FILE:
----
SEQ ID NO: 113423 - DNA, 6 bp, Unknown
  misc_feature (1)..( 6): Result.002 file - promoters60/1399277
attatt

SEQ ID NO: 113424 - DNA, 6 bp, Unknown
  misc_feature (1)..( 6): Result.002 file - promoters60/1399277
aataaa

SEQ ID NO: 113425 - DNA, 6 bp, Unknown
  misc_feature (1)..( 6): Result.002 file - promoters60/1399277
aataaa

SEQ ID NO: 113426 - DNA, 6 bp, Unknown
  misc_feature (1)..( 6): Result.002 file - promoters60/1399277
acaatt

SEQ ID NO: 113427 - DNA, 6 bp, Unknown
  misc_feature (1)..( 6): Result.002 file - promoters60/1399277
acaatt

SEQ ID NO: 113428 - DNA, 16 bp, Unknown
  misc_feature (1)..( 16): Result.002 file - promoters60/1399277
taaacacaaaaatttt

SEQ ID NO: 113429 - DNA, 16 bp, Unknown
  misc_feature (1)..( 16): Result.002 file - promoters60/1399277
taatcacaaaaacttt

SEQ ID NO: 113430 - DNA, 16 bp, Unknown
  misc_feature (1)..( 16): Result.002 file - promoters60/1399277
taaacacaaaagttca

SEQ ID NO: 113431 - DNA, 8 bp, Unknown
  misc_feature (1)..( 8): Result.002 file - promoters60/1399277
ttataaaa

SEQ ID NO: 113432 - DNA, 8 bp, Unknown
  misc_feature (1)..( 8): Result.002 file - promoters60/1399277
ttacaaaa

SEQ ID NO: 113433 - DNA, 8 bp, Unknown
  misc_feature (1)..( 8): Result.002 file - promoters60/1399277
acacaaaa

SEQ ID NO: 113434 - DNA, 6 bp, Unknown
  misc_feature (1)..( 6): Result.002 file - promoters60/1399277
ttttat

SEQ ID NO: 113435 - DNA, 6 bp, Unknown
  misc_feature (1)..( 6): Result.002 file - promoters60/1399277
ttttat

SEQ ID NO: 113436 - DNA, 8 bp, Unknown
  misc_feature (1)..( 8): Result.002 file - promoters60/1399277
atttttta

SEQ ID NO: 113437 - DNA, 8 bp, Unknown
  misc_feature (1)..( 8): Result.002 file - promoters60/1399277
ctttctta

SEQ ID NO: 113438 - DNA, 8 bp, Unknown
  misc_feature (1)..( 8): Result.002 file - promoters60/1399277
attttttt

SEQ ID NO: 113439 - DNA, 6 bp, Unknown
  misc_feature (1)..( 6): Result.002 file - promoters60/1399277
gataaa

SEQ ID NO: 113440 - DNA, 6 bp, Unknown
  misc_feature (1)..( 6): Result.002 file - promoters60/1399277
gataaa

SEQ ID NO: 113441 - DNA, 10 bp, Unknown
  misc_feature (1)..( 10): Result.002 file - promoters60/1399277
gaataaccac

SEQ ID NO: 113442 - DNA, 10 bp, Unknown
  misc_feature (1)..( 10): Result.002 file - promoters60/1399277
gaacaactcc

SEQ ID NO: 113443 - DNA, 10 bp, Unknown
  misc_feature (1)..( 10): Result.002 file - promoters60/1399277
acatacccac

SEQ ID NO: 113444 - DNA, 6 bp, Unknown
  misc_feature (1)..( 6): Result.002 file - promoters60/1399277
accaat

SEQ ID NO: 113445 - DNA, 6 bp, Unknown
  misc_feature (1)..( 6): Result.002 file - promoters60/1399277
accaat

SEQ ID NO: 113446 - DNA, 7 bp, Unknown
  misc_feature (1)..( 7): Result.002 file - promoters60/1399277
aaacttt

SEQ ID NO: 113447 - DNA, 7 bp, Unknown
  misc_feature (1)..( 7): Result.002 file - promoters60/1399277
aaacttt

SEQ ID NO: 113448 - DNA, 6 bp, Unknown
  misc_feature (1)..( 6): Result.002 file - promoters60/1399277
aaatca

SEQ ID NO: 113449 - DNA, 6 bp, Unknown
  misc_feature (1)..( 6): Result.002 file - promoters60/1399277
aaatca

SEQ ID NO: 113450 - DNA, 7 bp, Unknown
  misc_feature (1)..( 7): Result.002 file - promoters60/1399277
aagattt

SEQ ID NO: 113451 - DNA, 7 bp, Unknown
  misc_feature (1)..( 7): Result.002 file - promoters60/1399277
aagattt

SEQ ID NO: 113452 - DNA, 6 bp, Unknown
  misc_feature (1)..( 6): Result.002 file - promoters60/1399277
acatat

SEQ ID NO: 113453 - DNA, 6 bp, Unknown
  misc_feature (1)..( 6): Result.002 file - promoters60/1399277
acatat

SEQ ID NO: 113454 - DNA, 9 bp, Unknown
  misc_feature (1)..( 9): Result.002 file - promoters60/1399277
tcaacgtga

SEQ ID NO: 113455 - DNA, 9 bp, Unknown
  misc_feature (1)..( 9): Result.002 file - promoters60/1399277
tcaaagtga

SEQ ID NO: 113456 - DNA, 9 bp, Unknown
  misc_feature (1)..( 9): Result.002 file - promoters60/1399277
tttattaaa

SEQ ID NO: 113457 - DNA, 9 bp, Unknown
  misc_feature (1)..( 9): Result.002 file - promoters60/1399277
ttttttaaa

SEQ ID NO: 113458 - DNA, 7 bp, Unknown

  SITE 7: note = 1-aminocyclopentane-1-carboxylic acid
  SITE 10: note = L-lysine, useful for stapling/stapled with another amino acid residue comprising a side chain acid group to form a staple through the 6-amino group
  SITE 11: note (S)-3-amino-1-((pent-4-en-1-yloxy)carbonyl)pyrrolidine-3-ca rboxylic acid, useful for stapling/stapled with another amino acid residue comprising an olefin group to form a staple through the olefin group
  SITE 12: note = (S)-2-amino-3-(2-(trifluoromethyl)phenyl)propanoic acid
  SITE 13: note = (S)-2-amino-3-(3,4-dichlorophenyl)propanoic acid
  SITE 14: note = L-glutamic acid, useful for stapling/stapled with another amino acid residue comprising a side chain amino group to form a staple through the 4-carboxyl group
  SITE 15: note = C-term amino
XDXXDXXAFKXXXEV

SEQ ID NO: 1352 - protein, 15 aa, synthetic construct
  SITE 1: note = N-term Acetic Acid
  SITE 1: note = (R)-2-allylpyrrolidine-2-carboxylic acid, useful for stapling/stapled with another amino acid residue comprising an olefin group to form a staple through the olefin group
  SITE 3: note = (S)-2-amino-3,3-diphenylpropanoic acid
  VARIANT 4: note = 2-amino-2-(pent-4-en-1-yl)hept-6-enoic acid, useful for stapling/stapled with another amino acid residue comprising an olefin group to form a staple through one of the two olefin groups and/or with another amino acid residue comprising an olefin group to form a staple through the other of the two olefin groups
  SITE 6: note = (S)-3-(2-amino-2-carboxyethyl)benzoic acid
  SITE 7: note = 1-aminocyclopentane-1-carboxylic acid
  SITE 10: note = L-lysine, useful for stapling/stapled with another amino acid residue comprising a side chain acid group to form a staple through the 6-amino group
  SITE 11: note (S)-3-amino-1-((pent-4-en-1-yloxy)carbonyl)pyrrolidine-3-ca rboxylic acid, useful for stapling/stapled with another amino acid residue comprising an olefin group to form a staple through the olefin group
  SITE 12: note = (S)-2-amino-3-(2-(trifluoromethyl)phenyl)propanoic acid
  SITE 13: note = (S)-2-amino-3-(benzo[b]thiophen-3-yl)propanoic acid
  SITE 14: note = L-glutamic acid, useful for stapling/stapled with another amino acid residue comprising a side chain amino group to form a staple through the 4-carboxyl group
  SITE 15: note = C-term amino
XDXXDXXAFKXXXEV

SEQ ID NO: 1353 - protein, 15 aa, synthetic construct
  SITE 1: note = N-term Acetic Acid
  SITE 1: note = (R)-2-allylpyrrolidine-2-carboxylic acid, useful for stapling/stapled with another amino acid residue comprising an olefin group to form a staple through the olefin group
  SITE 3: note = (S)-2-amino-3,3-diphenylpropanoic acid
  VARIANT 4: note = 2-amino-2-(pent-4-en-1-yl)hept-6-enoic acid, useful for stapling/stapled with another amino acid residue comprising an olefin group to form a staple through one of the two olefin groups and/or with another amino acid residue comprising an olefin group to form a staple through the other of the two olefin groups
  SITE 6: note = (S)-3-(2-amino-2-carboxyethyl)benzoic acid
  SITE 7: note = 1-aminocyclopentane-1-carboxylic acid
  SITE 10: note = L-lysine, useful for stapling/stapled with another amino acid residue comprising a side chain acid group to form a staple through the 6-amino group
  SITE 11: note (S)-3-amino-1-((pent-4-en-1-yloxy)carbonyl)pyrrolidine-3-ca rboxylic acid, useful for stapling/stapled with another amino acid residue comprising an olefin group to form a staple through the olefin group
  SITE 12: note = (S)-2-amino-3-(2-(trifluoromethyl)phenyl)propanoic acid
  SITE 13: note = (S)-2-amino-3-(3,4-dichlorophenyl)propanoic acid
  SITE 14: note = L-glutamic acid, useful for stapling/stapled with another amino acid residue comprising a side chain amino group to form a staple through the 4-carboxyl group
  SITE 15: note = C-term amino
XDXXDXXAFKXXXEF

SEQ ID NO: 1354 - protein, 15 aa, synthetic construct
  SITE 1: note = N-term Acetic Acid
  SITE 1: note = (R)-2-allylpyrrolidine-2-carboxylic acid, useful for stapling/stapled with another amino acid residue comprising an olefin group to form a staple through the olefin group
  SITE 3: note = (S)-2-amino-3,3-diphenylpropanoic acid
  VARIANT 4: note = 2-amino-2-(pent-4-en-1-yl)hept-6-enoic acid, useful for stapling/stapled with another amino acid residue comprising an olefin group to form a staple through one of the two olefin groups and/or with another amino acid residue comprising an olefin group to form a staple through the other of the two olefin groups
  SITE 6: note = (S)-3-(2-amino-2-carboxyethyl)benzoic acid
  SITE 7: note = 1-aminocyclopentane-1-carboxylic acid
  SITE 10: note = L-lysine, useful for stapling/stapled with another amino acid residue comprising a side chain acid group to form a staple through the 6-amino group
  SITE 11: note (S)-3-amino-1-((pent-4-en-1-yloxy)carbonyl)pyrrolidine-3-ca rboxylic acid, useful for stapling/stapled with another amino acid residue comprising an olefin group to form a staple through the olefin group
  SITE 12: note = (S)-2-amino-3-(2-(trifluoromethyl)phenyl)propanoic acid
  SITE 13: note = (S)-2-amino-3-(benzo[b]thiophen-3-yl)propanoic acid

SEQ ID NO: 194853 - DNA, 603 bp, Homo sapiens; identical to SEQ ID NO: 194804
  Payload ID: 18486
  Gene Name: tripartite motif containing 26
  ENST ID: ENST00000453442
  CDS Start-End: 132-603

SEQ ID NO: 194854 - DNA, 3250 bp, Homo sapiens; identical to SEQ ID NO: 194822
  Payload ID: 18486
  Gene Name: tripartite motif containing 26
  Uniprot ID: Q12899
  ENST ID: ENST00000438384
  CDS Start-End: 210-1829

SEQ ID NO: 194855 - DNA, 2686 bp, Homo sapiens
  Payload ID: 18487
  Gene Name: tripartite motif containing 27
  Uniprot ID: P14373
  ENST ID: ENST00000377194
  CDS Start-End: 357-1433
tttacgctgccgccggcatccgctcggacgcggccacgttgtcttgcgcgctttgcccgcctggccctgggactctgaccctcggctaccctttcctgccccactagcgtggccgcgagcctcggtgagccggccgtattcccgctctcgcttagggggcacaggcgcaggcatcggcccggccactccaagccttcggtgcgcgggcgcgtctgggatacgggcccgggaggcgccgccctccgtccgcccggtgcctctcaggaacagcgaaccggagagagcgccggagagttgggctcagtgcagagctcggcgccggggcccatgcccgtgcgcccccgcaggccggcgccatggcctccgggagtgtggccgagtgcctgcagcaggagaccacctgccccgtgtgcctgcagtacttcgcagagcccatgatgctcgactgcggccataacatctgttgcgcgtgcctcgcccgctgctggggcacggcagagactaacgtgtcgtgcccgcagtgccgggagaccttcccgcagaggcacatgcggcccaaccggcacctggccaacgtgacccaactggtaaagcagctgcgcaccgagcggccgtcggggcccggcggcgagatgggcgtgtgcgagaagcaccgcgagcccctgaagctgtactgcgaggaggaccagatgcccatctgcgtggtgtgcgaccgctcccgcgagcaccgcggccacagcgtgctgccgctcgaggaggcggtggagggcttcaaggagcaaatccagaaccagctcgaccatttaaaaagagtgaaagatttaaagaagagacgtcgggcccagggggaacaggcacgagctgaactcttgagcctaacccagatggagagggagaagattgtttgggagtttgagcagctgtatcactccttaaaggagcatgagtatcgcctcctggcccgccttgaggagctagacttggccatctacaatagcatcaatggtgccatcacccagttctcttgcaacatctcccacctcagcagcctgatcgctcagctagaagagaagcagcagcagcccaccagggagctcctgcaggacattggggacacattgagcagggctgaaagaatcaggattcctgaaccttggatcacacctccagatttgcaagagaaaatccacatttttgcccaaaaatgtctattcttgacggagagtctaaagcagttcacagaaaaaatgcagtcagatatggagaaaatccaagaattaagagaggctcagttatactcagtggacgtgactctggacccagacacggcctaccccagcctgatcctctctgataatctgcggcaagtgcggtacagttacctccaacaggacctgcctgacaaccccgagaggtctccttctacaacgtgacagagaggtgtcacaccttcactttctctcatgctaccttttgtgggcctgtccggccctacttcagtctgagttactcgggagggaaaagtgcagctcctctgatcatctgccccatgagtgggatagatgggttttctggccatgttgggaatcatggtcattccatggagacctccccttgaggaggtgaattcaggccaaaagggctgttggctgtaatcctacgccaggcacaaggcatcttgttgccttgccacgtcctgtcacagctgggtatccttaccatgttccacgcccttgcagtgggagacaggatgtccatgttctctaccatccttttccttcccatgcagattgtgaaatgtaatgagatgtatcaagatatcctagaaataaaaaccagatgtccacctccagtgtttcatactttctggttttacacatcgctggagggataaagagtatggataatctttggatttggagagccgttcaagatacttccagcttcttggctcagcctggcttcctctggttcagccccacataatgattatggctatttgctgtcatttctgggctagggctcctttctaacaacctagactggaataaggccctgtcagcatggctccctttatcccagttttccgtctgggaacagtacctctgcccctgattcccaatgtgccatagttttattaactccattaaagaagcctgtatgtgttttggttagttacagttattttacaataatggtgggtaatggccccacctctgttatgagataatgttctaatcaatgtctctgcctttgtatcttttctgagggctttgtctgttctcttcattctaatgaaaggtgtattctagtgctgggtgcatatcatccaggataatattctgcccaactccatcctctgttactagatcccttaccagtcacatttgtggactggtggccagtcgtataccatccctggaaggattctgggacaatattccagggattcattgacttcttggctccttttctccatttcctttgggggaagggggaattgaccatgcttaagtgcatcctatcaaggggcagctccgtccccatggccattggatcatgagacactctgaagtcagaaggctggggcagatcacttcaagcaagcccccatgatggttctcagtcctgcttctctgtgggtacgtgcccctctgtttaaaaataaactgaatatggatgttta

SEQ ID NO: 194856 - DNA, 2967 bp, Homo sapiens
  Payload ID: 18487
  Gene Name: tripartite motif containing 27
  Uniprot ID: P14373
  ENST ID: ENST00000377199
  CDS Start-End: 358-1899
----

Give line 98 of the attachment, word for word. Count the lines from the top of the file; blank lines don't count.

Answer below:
  misc_feature (1)..( 9): Result.002 file - promoters60/1399277